The "basically unusable" is probably a little harsh, but I've never really understood the motivation behind some of SQLAlchemy's design decisions. eg. separating one class/table definition into interacting table, model and mapping classes makes no sense at least 99% of the time - that seems like something which should be hidden internally (but accessible if you really need it).


well if you read our docs you'll see that they're entirely in agreement with that. separate mapping/table design is called "classical mapping" and was years ago superceded by the declarative style. Update your sqlalchemy knowledge before commenting on it.

interestingly enough a ton of users still prefer the mappers/tables to be separate.


Your comment, in particular the part about SQLAlchemy, reads a lot like the blub programmer.


Ad-hominem much?


Django is where the jobs are. If you want to profit from your skills, the smart bet is in learning technologies that are in demand.


I'd say the smart bet is in learning technologies that are relevant and to be comfortable with your tools. I don't recall the last time a client asked/cared what technology stack we're using. They usually just need stuff built.


Note: In Python 2.6+, you can just `import json` instead of needing to install and import simplejson.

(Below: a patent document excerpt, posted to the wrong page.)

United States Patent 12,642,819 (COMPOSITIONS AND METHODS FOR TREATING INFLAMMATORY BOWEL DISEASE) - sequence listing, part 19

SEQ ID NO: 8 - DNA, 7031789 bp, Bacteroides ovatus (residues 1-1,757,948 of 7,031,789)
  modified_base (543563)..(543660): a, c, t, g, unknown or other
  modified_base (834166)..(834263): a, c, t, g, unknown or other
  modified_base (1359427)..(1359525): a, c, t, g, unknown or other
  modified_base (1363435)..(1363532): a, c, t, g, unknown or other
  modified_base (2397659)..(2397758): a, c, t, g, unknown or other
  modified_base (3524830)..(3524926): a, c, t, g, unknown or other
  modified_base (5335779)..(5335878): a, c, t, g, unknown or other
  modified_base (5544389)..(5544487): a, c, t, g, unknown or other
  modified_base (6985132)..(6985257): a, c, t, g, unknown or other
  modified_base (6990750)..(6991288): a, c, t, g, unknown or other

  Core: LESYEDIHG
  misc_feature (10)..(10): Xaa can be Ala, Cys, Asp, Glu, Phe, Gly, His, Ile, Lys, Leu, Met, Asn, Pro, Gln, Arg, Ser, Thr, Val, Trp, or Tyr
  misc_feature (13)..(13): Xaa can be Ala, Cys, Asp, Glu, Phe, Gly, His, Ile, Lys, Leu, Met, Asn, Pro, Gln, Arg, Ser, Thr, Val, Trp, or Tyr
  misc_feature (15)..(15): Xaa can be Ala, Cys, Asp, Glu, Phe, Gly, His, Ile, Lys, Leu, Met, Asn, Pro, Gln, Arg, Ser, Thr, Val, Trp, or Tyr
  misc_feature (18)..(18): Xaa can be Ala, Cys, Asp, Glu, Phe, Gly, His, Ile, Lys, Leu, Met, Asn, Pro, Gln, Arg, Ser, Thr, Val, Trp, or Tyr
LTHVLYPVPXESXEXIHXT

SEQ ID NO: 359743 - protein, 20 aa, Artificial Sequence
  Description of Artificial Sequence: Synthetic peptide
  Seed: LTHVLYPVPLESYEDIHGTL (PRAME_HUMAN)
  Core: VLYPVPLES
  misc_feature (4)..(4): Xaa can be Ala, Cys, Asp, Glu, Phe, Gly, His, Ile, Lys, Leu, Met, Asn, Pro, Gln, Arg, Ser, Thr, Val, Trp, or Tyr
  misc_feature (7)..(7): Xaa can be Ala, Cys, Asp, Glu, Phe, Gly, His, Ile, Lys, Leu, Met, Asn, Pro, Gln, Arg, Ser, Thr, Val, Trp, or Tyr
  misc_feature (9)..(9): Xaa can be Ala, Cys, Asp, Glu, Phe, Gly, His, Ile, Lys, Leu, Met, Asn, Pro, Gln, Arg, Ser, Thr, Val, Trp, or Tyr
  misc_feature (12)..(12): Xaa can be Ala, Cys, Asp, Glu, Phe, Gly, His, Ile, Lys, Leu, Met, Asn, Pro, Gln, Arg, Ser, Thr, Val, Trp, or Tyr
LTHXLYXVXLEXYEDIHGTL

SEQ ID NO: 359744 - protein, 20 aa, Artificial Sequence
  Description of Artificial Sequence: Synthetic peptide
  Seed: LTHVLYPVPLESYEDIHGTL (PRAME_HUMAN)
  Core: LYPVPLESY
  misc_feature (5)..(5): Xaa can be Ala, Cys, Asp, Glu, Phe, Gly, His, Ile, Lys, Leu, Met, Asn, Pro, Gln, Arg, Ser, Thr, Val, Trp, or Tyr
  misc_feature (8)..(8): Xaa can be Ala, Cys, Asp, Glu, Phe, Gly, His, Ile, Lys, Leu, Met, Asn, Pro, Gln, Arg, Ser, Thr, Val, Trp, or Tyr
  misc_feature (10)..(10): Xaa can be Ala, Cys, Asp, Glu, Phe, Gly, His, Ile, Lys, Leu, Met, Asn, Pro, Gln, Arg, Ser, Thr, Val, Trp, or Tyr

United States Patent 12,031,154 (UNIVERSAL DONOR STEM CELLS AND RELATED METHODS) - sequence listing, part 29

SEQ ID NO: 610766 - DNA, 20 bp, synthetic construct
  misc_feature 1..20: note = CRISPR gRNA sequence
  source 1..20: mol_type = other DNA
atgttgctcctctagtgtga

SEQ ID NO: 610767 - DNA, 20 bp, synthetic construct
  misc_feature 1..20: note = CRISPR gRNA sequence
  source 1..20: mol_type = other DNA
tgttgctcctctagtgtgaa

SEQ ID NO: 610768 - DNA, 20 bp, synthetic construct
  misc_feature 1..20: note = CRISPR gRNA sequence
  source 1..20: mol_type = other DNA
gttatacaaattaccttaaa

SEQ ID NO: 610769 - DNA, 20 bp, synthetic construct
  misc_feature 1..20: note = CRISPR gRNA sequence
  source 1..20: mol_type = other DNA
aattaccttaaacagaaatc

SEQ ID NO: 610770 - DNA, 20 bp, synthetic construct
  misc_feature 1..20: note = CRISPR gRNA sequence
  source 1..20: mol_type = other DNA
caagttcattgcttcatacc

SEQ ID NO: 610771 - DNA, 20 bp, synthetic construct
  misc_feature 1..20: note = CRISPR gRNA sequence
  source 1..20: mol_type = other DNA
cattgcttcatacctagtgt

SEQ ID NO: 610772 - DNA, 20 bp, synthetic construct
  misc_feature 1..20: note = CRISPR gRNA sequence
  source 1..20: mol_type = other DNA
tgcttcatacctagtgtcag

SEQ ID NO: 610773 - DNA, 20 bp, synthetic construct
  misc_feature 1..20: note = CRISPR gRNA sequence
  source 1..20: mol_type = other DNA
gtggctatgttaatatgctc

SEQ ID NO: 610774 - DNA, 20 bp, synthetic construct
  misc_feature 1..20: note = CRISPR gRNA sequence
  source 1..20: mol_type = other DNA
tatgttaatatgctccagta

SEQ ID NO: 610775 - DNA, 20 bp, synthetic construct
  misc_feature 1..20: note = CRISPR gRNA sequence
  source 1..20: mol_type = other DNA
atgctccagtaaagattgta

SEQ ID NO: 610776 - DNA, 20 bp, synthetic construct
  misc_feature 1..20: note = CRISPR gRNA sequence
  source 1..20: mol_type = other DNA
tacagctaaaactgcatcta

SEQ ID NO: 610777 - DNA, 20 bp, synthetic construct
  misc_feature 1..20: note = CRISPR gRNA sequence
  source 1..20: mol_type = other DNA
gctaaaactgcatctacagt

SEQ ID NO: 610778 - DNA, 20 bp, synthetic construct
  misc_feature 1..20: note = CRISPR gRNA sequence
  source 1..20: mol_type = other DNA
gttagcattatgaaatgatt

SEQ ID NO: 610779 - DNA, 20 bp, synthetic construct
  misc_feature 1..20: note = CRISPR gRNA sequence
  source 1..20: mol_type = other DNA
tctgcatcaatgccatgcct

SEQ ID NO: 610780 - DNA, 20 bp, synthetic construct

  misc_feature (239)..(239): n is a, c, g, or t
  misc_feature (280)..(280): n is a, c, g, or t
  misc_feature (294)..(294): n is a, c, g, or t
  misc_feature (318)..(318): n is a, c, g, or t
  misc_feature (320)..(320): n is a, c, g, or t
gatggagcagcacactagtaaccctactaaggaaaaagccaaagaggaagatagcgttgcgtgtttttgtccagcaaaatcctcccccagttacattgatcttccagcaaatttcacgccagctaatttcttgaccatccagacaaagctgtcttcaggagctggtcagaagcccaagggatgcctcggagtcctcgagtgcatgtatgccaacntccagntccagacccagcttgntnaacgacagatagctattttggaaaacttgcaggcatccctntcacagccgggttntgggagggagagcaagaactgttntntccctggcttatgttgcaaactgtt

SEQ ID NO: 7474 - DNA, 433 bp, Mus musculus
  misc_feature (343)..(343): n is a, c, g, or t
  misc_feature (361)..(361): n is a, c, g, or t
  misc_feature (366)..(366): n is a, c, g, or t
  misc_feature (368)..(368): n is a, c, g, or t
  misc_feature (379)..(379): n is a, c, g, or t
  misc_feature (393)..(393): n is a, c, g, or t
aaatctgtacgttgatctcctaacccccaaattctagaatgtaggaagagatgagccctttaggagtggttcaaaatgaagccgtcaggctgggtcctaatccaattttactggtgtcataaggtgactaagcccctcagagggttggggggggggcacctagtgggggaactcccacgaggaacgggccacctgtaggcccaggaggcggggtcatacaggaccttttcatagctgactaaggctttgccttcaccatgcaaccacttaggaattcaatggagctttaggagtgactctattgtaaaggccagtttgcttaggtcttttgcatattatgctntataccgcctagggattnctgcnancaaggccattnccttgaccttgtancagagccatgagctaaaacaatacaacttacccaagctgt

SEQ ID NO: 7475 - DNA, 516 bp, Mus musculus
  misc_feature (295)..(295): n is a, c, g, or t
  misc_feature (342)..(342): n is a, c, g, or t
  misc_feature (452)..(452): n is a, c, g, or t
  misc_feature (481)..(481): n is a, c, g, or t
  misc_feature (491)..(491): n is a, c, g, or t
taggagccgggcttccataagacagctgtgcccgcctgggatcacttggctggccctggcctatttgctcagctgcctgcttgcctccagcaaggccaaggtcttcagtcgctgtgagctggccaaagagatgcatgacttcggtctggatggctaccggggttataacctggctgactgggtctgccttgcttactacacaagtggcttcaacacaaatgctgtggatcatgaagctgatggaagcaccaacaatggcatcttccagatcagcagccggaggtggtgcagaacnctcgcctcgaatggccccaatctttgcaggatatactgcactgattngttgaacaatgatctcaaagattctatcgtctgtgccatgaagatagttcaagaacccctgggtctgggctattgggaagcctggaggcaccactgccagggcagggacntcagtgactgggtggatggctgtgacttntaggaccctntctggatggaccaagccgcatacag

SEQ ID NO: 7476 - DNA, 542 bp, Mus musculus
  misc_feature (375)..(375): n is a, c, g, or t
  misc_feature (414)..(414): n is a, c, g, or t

I believe that the python2.6 json module (basically forked form simplejson) is much slower than the current simplejson version. The speedups (simplejson rewrite) didn't get included until 2.7 as I recall (memory is vague on this point).


According to my un-reproducible benchmark, simplejson was 27x faster than built-in json. It's not a small difference.


Yeah, I remembered it being significant, but wow. That is larger than I recalled it being. Probably due to a very unscientific test at the time. ;)


This is an article professing love for a specific library in a given language. Move along, nothing to see here.


First, why is the author recommending SimpleJSON? Just use json, it's built into the standard lib! (Also if I'm not mistaken the json implementation included in Python may even be based on simplejson, the APIs are very similar even if not.)

Second, I disagree that Django is the best web framework. It might be the best web framework, but it depends on what you're doing. I've come to prefer Flask for its simplicity and overall the way it feels more Pythonic.